In this episode of the PME 360 Powering Business Growth Show, Ron Rodi, Jr and Ryan Paul Adams interview Geoff and explore online reputation management and how to build a reputation in the home building or remodeling industries. Tune in for insights from one of the best minds in the reputation management field!
"The fundamental thing is to recognize on every level of your company that your reputation is not a cosmetic thing. You must walk the talk. It's very difficult to sustain the facade of a great reputation if you're not truly committed to delivering great service."
~ Geoff Graham, Founder and CEO of GuildQuality
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Effective and Simple Marketing Ideas to Use in Your Remodeling Business with Kyle Hunt of Remodel Your Marketing
Does your remodeling business do outstanding work, but still you struggle to attract new clients and new leads? Do you rely heavily on word of mouth and referrals? Kyle Hunt of Remodel Your Marketing outlines how important it is to get organized and develop a exceptional and simple marketing and sales systems on the PME 360 Powering Business Growth Show.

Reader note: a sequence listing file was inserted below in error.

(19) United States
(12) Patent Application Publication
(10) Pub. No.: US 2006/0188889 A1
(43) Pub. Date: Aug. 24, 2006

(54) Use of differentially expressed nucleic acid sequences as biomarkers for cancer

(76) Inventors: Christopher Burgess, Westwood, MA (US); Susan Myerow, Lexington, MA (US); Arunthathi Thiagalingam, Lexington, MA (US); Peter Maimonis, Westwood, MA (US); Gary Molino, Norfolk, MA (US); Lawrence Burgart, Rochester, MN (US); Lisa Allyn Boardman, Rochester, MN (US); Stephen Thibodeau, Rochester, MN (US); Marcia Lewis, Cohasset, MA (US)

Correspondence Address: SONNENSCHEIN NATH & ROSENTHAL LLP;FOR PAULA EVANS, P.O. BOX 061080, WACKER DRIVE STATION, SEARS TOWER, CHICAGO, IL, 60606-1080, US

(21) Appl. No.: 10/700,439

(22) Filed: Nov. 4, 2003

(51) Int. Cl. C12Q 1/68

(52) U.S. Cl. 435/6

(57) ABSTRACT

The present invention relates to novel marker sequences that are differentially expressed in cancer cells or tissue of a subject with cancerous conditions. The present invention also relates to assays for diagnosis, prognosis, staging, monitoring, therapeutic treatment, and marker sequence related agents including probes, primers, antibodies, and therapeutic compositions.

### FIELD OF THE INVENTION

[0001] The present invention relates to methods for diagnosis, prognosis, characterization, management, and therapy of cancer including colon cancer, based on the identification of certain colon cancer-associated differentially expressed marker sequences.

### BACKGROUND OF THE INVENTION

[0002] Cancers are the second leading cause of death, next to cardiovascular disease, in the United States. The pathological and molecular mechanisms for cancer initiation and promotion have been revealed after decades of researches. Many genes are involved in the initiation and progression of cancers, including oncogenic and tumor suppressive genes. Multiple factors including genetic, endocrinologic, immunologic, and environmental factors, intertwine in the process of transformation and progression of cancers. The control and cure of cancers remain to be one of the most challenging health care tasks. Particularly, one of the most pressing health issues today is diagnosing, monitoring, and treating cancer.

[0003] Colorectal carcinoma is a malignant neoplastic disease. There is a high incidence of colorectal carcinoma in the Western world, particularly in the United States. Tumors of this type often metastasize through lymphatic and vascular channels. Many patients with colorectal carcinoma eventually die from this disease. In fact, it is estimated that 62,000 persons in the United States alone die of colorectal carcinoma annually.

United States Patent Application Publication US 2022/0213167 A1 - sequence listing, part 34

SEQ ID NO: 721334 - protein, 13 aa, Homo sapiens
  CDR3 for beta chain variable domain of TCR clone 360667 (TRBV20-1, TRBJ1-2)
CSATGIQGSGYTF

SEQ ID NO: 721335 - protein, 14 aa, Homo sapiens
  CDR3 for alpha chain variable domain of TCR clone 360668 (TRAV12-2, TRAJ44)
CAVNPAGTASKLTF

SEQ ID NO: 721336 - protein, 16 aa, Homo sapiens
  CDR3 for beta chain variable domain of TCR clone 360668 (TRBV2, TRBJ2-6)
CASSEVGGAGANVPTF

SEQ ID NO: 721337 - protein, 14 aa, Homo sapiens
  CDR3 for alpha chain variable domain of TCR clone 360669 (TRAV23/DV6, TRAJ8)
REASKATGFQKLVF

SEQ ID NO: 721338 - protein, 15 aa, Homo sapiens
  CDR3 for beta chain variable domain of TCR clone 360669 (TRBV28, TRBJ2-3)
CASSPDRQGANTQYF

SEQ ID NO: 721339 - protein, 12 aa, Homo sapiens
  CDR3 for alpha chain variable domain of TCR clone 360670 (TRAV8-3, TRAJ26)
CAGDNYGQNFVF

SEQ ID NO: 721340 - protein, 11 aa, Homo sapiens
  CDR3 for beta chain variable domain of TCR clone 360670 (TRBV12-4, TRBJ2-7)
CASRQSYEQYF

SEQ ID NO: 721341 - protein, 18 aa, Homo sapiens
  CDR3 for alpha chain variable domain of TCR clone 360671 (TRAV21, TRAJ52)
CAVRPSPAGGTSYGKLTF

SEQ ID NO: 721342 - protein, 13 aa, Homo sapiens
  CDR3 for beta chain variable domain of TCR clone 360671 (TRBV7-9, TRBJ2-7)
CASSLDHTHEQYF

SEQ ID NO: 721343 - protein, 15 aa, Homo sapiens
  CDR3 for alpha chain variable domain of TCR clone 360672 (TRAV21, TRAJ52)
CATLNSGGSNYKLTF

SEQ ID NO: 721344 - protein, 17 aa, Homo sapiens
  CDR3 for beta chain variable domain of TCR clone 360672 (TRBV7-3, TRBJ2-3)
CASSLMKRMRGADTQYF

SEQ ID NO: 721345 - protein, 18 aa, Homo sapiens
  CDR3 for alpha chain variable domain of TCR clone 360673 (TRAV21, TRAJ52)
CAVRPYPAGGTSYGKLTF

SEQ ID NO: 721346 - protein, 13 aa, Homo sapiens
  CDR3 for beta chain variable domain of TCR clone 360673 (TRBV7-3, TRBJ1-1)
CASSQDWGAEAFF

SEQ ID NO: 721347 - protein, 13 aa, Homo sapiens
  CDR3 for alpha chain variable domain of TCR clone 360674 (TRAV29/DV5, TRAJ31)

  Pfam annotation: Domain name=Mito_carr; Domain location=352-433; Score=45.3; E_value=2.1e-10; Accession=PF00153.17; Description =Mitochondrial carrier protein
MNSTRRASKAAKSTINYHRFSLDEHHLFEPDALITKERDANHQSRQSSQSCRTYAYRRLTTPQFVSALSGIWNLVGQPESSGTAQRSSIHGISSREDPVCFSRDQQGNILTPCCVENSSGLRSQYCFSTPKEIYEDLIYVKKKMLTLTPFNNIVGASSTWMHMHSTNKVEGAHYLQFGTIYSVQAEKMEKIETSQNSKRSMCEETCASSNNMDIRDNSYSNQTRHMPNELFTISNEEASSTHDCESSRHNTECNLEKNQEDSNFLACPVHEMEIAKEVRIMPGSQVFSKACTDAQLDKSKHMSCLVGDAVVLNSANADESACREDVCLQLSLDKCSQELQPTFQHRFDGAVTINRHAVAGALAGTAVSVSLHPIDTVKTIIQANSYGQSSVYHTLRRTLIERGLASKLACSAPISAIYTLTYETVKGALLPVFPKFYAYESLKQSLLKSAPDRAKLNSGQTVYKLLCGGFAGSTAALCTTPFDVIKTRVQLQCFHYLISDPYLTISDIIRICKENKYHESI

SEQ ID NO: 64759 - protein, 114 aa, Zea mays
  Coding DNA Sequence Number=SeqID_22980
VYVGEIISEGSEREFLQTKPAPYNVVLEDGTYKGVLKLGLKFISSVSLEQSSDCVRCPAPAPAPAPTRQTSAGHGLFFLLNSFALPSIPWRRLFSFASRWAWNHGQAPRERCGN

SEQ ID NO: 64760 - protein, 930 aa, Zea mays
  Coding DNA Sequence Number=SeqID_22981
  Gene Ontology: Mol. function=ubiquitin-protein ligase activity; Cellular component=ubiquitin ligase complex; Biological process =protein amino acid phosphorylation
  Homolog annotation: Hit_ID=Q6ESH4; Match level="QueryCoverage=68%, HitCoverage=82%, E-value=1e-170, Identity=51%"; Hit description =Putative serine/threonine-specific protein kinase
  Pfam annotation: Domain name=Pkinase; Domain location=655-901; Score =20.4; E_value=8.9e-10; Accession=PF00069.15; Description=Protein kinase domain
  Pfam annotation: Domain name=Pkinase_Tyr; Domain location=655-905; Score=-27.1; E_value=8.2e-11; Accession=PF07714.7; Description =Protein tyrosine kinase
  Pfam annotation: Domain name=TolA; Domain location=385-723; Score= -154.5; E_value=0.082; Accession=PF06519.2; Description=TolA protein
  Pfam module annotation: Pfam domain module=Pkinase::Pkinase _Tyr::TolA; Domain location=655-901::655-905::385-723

“You need a system that you're going to do consistently. Every part of your marketing needs to be systematic, or else it's not going to get done.”
Starting in the remodeling industry at a young age and seeing the dire need of that industry to move away from the primarily referral-based marketing model, Kyle now works exclusively with remodelers to implement his proven, practical, and effective marketing sales systems.
Find out how to take your remodeling business to the next level with the actionable and inspiring advice in this week's show!
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Effective and Simple Marketing Ideas to Use in Your Remodeling Business with Kyle Hunt of Remodel Your Marketing